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Somalia, the country made famous in America in 1996 because of the movie Black Hawk Down is still roiled by intense fighting. Is there anything the US could do to help end the violence that continues to displace families? A recent report by Refugees International thinks so. OneWorld reports that (emphasis mine)

there is “a staggering scale of need” for the displaced people, as malnutrition rates for children under five have become “alarmingly high.” UN estimates suggest that since January nearly 60,000 people have fled the Somali capital Mogadishu, most as a result of “search and sweep” operations conducted by the government of Somalia and the Ethiopian military against the Eritrea-based opposition groups.

RI says its members have spoken to some of the 200,000 civilians who have settled on the road to Afgooye, a village approximately 20 miles west of Mogadishu. That area is now the most densely populated settlement of internally displaced people in the world.

“Somalis perceive the United States as supporting the Ethiopian presence and the reprehensible behavior of Ethiopian troops in their country,” said RI’s Patrick Duplat. “The heavy-handed bombing of individual targets in Somalia and other military actions fuels this anti-American sentiment.”

This is another conflict in a Muslim country where we are seen as the bad guys by almost everyone. If we could do more to end this war it could help our “War on Terrorism.” I am not advocating sending US troops back to Somalia or even a UN Peacekeeping force. But I agree with the report authors who say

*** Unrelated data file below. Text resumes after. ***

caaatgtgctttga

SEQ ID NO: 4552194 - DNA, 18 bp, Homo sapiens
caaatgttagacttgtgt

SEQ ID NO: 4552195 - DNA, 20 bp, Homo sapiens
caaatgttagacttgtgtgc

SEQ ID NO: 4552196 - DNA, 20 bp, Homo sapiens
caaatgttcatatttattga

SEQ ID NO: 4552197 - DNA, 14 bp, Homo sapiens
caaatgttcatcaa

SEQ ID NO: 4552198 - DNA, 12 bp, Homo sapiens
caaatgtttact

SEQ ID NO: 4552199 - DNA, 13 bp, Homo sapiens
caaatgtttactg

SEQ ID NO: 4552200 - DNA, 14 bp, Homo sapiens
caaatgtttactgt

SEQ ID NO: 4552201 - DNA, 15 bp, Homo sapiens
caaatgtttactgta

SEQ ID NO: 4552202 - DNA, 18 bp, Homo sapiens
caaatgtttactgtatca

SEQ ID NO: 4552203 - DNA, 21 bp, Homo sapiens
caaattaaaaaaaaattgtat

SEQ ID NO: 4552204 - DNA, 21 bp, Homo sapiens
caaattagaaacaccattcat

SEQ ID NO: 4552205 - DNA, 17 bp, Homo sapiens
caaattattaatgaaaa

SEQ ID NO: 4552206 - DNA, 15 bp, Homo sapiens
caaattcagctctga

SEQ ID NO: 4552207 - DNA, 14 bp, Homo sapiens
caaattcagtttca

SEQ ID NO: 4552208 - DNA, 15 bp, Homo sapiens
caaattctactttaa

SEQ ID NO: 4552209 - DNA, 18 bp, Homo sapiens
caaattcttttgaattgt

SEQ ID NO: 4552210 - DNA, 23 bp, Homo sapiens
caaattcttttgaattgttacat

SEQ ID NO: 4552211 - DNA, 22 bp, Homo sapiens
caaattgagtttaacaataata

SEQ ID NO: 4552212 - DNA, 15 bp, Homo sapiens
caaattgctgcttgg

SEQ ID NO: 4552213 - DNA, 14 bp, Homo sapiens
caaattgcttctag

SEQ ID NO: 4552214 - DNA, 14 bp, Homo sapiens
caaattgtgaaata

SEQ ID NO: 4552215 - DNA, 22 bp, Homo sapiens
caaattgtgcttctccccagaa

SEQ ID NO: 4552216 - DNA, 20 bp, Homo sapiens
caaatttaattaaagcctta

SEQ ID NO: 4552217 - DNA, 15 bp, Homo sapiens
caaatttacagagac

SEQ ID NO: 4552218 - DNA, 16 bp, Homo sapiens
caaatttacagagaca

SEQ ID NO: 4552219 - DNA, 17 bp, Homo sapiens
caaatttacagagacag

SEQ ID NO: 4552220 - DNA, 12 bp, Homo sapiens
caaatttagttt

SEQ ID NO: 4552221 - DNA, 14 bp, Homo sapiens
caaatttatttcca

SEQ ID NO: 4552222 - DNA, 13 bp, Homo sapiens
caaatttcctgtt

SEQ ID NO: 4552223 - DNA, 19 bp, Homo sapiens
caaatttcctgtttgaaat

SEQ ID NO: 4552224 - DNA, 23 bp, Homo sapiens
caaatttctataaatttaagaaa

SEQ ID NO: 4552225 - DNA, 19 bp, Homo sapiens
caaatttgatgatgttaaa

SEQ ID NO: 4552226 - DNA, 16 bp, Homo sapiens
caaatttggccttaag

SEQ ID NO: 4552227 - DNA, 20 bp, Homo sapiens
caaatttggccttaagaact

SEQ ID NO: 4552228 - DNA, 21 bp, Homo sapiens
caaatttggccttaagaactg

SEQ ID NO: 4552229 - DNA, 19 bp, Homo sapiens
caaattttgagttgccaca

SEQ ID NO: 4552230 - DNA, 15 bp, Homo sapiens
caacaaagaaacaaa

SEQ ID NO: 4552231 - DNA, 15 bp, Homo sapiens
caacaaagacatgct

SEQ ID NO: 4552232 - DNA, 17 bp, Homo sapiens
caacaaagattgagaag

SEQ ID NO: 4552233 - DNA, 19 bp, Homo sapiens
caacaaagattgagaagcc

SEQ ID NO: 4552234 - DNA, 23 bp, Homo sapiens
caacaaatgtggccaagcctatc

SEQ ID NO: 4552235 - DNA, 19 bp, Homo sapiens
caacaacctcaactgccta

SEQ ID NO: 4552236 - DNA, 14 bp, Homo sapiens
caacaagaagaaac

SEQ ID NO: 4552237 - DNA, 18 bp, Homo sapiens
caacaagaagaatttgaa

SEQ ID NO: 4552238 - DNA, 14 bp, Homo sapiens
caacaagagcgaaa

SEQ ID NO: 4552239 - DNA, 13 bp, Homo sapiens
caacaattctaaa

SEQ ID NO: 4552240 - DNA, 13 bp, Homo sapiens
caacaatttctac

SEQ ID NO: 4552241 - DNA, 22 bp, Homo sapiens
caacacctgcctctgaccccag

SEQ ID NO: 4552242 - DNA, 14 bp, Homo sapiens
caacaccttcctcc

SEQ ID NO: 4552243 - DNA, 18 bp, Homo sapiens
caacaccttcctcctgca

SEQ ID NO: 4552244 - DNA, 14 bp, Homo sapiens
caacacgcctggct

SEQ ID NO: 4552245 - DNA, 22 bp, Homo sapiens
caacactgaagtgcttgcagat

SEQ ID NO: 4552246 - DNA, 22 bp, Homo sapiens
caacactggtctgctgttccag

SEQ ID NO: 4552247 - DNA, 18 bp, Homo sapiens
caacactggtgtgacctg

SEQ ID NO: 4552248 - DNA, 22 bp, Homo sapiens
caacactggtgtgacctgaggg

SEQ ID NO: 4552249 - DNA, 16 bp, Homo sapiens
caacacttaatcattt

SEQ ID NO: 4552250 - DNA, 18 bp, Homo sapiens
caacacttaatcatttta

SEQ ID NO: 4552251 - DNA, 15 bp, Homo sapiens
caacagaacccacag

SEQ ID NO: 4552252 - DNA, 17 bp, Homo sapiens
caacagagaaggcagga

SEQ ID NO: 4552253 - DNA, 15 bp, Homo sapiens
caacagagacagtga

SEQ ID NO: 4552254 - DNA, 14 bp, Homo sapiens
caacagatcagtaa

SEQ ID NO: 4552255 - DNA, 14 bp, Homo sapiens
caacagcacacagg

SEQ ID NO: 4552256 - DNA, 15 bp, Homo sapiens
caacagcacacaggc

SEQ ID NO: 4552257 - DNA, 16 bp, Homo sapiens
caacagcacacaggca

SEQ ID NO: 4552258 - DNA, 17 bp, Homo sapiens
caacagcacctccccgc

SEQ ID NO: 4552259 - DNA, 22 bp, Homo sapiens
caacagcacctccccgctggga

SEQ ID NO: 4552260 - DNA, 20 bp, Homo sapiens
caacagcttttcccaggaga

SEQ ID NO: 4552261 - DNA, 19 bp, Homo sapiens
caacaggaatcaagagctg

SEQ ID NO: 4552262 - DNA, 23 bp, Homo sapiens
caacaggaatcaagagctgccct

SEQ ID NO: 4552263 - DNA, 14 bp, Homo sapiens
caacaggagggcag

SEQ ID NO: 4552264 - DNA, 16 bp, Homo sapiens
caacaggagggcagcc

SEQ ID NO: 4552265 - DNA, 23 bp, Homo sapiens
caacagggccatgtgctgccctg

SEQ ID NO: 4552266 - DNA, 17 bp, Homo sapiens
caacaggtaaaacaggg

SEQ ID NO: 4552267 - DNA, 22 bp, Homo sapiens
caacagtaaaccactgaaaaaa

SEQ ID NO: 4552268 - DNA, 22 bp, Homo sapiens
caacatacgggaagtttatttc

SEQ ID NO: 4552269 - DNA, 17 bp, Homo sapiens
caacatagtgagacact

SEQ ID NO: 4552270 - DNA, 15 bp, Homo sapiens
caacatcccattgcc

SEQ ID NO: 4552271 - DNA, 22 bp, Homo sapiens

that by condemning human rights abuses and holding the Ethiopian military accountable for their actions, the United States can go a long way towards defusing tensions in the Horn of Africa. [The US is giving lots of financial and physical resources to Ethiopia for this campaign]

During a conversation with a well-esteemed Somalia elder here in Minneapolis he said something very interesting about our governments actions in Somalia. I’ll paraphrase here:

Somalia had an Islamic government that was beginning to make progress. Yes, there were some members of Al-Qaeda involved in the government but their extremist (terrorist) views were marginalized and not allowed to be part of the official policy. The US then encourage Ethiopia to invade Somalia to over throw the Islamic government – this created a power vacuum allowing Al-Qaeda to step into full power and bring their extremist ideas to the forefront.

This may be a simplistic idea but it seems pretty logical. We have a problem with knocking out governments that might be good – if they aren’t fitting into our policy ideals. (Look at Hamas in Palestine, a democratically elected government which we refuse to recognize)

There is not a simple action point with this post, but you can contact your legislators and share your thoughts and opinions about Somalia and the crisis.

Read the full report from Refugees International.